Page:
used with some special ingenuity or ability, and the 20% reduction reflects
the increased likelihood that the character will realise this and make future
use of it.  Oh, and two single checks don't equal one double check, although
a single check can be uprated to a double.  

PCs get double-checks only very rarely...

Bryan Maloney in X-RQ-ID: 5160:
> Question:  What evidence is there that Orlanth personally manages every aspect
> of his cult?  For all we know, it's a sort of autonomic function of godhood
> that a deity can intervene in if he so wishes, kind of like breathing or
> having to piss.  Can it be proven, objectively, that this is not the
> case?
The following is my opinion only! ...

Cults manage Gods.  It is the cult followers' sacrifices which maintain the
puissance of the Gods, and the "flavour" of the sacrificed POW, the massed
expectations of the believers, which shapes the manner of the God.  Orlanth
is massively powerful because Orlanth has a massive following, and His actions
in some way reflect the massed will of His people.  He cannot possibly manage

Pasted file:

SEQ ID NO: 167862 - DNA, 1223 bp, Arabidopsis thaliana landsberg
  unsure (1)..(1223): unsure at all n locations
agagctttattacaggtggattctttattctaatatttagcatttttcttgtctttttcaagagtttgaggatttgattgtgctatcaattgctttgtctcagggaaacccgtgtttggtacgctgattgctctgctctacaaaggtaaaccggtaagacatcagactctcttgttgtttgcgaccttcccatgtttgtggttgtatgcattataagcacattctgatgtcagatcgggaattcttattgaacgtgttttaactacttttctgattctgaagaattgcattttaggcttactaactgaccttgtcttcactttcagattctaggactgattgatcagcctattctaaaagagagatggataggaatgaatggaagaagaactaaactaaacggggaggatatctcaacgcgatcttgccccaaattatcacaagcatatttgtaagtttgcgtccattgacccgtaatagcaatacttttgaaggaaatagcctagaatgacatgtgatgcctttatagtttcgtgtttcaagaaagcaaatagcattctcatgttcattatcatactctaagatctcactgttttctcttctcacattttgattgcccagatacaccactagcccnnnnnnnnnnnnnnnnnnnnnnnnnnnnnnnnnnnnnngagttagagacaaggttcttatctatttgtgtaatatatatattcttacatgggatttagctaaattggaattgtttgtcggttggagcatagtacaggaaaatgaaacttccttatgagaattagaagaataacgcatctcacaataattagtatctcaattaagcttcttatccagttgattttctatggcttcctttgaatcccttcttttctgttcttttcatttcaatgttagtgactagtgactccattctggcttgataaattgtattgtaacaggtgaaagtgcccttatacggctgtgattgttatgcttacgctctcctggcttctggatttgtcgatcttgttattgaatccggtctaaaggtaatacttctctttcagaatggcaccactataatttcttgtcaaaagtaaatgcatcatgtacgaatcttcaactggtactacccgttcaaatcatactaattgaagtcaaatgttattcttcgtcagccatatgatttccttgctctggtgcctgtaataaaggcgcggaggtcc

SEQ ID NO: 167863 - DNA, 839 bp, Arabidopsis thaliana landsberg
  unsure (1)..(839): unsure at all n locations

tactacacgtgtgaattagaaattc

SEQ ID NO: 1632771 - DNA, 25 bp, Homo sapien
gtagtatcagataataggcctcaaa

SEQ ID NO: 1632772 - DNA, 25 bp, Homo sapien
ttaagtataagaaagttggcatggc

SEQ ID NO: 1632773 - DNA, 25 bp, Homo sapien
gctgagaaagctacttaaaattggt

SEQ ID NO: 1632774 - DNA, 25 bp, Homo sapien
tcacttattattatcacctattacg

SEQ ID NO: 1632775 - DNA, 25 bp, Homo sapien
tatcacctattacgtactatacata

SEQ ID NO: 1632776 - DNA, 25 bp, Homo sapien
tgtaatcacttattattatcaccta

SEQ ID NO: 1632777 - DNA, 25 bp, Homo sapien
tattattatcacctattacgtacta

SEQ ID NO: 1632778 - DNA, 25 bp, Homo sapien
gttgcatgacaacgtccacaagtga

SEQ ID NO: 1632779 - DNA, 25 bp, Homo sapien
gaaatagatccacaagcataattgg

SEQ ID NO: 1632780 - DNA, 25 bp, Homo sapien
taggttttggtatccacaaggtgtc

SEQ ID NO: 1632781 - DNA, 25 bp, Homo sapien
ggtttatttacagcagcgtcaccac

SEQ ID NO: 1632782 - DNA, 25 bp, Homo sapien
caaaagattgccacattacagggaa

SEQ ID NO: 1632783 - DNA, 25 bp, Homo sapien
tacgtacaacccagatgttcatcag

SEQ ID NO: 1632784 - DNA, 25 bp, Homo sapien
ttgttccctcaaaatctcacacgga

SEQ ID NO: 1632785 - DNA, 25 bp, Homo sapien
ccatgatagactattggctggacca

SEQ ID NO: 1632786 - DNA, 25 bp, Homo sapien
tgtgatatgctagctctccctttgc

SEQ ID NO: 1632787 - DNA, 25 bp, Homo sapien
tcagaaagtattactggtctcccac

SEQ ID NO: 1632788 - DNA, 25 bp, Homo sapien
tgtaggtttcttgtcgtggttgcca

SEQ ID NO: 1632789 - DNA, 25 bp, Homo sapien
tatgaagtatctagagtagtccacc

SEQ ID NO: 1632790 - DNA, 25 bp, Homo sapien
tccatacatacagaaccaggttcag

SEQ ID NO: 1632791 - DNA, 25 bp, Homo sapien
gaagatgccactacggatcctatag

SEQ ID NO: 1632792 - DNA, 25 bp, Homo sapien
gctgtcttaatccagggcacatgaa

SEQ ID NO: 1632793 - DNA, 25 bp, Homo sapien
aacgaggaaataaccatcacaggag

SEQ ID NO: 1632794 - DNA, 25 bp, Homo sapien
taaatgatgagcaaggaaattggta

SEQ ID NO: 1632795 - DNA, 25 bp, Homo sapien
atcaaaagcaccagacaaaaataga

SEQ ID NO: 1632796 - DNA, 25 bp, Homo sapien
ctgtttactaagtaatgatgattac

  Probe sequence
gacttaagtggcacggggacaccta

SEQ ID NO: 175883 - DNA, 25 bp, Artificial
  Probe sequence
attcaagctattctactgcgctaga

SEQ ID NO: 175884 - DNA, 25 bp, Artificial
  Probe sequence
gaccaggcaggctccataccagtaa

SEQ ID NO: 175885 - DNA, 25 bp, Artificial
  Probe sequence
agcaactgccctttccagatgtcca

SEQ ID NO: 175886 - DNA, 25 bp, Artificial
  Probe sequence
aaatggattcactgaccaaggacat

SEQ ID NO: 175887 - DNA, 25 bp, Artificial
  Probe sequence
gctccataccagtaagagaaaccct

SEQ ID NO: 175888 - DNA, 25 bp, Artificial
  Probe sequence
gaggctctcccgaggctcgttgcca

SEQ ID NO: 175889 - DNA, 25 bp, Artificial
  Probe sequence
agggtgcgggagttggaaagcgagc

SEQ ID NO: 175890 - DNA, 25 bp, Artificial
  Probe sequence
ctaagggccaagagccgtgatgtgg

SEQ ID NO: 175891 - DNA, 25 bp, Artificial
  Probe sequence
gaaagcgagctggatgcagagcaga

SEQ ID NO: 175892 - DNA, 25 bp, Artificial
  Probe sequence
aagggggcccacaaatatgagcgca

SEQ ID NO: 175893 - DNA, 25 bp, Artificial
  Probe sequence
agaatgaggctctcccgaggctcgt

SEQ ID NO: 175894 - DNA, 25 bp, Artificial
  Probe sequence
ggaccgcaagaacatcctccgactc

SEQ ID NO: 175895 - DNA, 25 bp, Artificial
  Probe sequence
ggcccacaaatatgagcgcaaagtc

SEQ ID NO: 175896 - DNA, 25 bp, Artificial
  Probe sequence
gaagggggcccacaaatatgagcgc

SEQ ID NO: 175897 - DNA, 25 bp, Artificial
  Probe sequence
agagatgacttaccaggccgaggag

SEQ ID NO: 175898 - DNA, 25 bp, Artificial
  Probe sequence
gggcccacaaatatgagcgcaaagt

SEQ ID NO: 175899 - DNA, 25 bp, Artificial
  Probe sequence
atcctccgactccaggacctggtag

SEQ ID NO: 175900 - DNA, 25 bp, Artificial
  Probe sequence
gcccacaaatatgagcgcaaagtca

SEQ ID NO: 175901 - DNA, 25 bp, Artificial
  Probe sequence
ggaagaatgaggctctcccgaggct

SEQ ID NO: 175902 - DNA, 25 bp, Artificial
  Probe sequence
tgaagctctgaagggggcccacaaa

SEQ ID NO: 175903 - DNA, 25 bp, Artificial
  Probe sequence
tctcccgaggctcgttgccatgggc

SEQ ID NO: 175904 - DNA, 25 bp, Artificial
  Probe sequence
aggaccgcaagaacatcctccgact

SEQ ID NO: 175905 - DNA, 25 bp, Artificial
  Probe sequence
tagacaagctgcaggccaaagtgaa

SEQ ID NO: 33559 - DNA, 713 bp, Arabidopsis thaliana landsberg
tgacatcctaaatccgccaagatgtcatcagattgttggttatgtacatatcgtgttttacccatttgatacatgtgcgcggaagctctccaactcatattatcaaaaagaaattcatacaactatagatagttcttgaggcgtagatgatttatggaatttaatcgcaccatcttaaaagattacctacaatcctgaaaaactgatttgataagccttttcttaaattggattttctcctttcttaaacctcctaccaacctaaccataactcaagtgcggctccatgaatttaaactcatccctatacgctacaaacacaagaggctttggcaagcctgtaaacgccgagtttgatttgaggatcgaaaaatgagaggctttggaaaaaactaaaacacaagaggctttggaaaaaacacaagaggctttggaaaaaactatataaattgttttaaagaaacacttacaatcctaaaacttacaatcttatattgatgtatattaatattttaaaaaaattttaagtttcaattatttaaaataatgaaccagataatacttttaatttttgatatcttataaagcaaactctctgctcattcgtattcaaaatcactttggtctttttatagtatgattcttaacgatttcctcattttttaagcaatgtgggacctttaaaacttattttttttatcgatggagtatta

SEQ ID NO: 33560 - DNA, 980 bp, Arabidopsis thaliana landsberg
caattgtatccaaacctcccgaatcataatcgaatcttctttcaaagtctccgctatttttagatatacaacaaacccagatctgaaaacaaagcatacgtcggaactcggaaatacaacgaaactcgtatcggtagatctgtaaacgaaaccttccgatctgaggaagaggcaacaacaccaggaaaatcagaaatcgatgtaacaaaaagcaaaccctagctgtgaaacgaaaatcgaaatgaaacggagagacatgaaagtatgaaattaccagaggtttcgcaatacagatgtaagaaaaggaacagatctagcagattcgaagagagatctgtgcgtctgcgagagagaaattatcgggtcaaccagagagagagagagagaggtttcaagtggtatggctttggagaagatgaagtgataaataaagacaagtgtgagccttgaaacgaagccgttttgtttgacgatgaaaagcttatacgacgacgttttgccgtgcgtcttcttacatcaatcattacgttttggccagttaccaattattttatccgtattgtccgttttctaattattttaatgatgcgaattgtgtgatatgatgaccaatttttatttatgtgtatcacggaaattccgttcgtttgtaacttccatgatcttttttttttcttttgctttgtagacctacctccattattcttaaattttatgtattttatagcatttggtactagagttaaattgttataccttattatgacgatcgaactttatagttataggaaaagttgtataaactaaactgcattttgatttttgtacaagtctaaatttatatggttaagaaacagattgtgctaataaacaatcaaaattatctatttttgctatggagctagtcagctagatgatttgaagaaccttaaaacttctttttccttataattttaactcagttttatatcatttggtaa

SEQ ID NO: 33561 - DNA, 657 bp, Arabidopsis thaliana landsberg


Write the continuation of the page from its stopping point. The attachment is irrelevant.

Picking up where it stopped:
every aspect of His cult, because His actions are thus limited:  He could not
order all of His people to commit suicide, or to take any other action which 
would be antagonistic to the basic will of the majority.  I would submit that 
Orlanth can manage more aspects of His following than most Deities can do, 
because He is so much more empowered, but that He is still restricted to
actions which would _in_the_general_opinion_of_His_followers_ not contravene
His nature.  Gods can thus have hidden agendas only where those agendas are
not apparently contradictory to their normal will.  That's not to say that
they can't take contrdictory actions, but that the more "wrong" the action,
the less the amount of will (=POW) they can summon to enforce it.  (There's
still the Heroes and cult spirits, even if the mundanes want no part in it!)

Here's a controversial statement:  Gloranthans have free will.  Gods do not.

> Question:  What connection does Orlanth's ability with storm and weather, even
>    if it is pan-Gloranthan, have to do with omniscience in other areas?  Maybe
>    his ability to handle storms has to do with him being a STORM GOD!  Thus,